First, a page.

One proposal [for the chronology of the monarchy in Judah], known as the low chronology, maintains that urbanization, i.e., the transition from a rural society (the periods of the Settlement and Judges: iron Age I) to an urban society (the period of the monarchy: Iron Age II) occurred only at th end of the 10th century BCE, and only in the north, in the Kingdom of Israel. In this scenario, David must be regarded as a local tribal chief at most.
Tells consist of layers of settlement largely superimposed one upon the other […], so that it is often necessary to uncover finds from later periods first, in order to reach the earlier ones below, a time-consuming and costly undertaking.
Since archaeological techniques were then in their infancy, the methodologies used were often lacking in precision, and early excavators did not correctly differentiate between the various strata and attributed finds from different periods to the same one.
Alongside the large, stratified archaeological tell sites are so-called ruins (Arabic, knirbah; Hewbrew, horvah). Such sites were settled for limited periods of time and did not develop into deep, multi-layered tells.
Thus, for example, at Khirbet Qeiyafa we exposed 5,000 sq. m (54,000 sq. ft) or around 25 per cent of the settlement in seven seasons of excavation.
Interpreting the various finds from an excavation, such as pottery, stone vessels, metal tools, figurines, jewelry, and coins requires care: those from a particular layer of occupation reflect mainly the final phase of habitation in that layer–in other words, the final days, a moment before the destruction or abandonment of a settlement. But what if a settlement was established a hundred or two hundred years prior to the destruction? How can we ascertain that? This is a difficult problem and the result is that many excavators erroneously tend to compress periods of tens or hundreds of years into brief periods of a few years.
As a result, surveys will fail to identify the latter’s existence and a distorted picture of a “gap in settlement” will result; in other words, the surveyor will falsely conclude that during a certain period there was no settlement at a given site.
I’m enjoying the archaeological background that they describe in their extended example within the book. This book could almost be described as Archaeology 101: An applied example using an exploration of Khirbet Qeiyafa.
The conclusion based on such surveys that there were no settlements in Judah during the 10th century BCE and that a centralized kingdom did not exist at the time is therefore essentially flawed.
We must also remember that the dynamic hypotheses of identifying various sources, redactors, and editors of the biblical text are “constructions of modern scholarship” and that they continue to evolve and change.
One must accept, then, that modern scholarship has no clear and objective tool for dealing with the dating of the writing of the different biblical traditions. In the current stat of our knowledge, with the evidence available, the process of formation and transmission of the texts remains unresolved, as does the time and manner in which they took on their present form.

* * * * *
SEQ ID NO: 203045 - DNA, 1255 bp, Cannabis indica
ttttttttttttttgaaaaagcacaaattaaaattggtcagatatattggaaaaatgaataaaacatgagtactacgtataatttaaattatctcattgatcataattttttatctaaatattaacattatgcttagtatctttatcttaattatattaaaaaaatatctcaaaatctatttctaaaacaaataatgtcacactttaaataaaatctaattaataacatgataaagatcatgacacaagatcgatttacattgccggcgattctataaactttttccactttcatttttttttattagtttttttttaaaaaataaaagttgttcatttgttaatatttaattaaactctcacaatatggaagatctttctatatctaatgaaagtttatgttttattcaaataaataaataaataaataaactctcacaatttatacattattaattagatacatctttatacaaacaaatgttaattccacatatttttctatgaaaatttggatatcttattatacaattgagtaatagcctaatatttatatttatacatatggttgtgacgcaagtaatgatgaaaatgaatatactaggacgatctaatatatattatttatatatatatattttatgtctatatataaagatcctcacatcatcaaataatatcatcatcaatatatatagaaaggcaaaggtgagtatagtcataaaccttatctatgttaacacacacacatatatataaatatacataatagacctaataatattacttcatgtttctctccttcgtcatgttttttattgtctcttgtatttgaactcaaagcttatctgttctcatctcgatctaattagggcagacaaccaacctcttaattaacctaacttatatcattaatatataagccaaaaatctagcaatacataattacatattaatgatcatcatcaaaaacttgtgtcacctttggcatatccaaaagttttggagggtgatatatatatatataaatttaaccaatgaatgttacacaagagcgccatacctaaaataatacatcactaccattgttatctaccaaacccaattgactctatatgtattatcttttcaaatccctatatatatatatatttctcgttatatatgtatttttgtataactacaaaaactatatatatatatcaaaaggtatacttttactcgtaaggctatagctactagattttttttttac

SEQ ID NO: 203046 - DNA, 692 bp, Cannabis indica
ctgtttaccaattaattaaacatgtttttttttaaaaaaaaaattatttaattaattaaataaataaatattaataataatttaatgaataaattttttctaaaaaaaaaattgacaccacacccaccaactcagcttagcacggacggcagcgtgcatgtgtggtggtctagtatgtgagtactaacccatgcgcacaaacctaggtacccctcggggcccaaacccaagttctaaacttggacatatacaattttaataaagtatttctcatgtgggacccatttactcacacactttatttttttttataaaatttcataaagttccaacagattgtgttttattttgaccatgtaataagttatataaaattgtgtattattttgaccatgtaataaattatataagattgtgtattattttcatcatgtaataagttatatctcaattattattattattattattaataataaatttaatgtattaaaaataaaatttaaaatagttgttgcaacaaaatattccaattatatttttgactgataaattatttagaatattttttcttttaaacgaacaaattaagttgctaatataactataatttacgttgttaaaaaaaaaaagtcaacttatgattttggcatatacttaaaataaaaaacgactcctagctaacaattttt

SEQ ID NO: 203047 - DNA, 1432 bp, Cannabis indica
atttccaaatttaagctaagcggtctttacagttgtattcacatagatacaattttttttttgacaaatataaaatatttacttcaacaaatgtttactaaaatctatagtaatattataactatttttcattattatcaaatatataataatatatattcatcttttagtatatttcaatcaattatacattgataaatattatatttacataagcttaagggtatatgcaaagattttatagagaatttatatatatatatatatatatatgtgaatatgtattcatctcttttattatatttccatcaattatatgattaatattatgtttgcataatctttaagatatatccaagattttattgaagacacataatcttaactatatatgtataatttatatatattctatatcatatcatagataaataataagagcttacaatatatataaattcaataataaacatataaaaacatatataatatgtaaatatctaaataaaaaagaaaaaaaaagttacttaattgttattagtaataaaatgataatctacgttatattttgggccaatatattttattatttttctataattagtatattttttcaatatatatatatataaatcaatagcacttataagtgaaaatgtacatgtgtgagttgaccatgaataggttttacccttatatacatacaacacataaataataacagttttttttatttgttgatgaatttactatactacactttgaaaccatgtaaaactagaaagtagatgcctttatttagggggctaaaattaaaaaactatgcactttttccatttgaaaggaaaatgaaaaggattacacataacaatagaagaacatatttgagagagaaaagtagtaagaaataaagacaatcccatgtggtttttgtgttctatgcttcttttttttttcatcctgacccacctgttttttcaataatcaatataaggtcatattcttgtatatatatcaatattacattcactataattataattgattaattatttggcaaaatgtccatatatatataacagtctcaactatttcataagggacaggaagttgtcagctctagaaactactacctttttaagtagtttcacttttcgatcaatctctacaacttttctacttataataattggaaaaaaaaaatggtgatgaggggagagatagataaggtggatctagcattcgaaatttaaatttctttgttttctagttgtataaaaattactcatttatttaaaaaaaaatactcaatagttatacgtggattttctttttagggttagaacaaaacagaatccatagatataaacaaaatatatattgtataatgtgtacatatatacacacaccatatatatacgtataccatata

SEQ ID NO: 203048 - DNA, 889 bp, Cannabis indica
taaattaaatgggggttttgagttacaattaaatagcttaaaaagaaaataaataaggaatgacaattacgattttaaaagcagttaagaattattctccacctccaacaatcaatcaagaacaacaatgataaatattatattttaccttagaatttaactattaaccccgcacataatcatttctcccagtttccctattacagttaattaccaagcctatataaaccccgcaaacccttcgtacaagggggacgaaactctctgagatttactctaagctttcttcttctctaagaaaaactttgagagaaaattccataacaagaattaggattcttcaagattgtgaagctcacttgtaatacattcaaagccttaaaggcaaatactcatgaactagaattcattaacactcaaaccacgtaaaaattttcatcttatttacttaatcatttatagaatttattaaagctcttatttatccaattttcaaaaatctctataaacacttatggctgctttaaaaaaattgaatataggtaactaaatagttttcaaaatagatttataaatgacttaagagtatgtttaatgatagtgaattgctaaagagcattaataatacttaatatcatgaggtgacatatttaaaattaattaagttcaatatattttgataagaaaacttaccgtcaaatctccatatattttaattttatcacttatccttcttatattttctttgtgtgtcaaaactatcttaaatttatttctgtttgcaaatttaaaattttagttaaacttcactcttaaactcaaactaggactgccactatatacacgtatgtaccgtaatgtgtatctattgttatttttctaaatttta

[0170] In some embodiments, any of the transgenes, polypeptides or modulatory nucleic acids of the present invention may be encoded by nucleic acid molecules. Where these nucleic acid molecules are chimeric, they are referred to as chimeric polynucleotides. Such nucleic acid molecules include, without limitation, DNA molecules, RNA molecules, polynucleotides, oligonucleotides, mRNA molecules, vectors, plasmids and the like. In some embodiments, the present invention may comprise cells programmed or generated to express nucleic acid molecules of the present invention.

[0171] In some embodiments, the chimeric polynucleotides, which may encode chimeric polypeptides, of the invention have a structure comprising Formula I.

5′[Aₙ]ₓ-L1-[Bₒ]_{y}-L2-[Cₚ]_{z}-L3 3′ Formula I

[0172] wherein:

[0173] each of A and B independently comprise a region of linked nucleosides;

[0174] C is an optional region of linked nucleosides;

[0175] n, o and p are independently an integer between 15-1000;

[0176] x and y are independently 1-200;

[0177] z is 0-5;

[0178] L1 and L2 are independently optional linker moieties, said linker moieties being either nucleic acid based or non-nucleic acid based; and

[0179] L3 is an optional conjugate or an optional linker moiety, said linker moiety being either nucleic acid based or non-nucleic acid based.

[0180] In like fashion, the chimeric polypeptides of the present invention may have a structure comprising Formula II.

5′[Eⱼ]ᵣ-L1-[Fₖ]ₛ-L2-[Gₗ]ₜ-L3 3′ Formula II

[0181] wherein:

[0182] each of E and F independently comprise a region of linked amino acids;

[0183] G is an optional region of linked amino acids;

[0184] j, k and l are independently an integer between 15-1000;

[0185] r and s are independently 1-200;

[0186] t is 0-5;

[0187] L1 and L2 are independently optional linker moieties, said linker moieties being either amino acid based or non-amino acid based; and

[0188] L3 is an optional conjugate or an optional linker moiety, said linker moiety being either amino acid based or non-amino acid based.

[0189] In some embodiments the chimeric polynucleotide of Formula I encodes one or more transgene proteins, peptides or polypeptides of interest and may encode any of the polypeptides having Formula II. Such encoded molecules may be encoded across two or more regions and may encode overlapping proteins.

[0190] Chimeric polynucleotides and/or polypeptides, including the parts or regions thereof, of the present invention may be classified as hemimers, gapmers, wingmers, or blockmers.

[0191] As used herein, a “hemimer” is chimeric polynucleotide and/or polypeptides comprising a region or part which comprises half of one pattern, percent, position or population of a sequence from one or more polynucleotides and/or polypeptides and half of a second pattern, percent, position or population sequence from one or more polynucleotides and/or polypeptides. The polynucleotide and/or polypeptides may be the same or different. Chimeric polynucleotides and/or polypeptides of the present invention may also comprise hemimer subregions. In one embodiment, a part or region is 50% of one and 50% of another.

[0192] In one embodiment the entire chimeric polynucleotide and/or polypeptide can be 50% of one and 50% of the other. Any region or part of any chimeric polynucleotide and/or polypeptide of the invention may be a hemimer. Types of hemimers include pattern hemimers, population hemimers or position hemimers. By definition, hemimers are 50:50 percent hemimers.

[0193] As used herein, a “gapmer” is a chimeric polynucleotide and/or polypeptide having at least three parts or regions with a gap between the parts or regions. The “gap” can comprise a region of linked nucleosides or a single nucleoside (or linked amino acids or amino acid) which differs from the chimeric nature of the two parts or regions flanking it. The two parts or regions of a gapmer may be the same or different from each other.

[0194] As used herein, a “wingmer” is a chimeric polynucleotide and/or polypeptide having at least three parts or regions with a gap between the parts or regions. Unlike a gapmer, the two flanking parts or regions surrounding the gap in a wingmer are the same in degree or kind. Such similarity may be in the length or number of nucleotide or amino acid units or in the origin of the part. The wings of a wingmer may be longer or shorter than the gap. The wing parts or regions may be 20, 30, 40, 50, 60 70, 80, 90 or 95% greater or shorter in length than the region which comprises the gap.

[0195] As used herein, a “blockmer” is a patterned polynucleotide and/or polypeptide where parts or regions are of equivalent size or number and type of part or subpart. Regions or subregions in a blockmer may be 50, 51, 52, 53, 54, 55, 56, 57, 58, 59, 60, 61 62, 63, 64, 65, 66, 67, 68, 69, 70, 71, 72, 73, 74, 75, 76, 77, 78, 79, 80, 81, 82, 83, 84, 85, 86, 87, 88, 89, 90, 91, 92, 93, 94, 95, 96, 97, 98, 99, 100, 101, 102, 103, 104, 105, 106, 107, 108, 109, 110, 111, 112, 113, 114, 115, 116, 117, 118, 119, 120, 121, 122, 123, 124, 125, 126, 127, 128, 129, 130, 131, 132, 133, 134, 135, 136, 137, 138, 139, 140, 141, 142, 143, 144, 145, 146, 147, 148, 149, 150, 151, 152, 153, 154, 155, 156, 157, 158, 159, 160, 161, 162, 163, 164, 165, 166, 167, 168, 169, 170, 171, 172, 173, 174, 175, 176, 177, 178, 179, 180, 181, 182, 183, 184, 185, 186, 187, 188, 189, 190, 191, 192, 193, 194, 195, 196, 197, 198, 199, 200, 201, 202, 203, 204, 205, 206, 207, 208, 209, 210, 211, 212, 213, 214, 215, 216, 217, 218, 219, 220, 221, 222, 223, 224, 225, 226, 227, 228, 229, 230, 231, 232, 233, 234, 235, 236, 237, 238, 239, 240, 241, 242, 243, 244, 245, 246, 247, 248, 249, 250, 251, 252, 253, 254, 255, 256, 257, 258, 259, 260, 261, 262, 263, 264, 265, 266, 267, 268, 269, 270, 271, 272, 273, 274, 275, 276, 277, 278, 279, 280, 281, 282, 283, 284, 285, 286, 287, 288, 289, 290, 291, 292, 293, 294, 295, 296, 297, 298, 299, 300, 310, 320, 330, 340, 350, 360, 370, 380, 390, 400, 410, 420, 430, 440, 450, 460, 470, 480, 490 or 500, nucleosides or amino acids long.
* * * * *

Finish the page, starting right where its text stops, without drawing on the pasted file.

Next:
Perhaps information theory could be applied here to better tease out these questions?
According to the minimalist method [using Shakespeare’s play Julius Caesar to study history] , two main conclusions may be drawn from this: first, that the Roman Empire should be dated to the 16th Century, and second that Julius Caesar is a purely literary character–both of which are patently absurd.
The weakest link in archaeological research […] is frequently the lengthy time that elapses between excavation and publication of the results. Archaeological excavation destroys what it excavates. It is therefore a scholarly and scientific obligation to publish all of the data on the excavation procedure and the findings for other scholars and the public at large.
In our view, archaeology finds should be independently dates; only then may attempts be made to connect them with historical/biblical figures, periods, or events.
This is the first site in Judah from the beginning of the monarchy to be dated using this scientific technique [radiocarbon dating]. The results unequivocally demonstrated that the city was established at the end of the 11th and the beginning of the 10th century BCE.
Scholars who attempt to apply findings from northern sites to the situation in Judah and Jerusalem are committing a methodological error. […] we refrain from using the term “United Monarchy,” which implies the existence of akingdom that also included the north of the country. Instead, we shall use here the term “Kingdom of Judah.”
The data are like pieces of a mosaic that can be combined in different ways to form different images; the pieces themselves do not change, but the images they form can be modified. Here we briefly summarize five of the conflicting paradigms regarding David’s kingdom, and their development.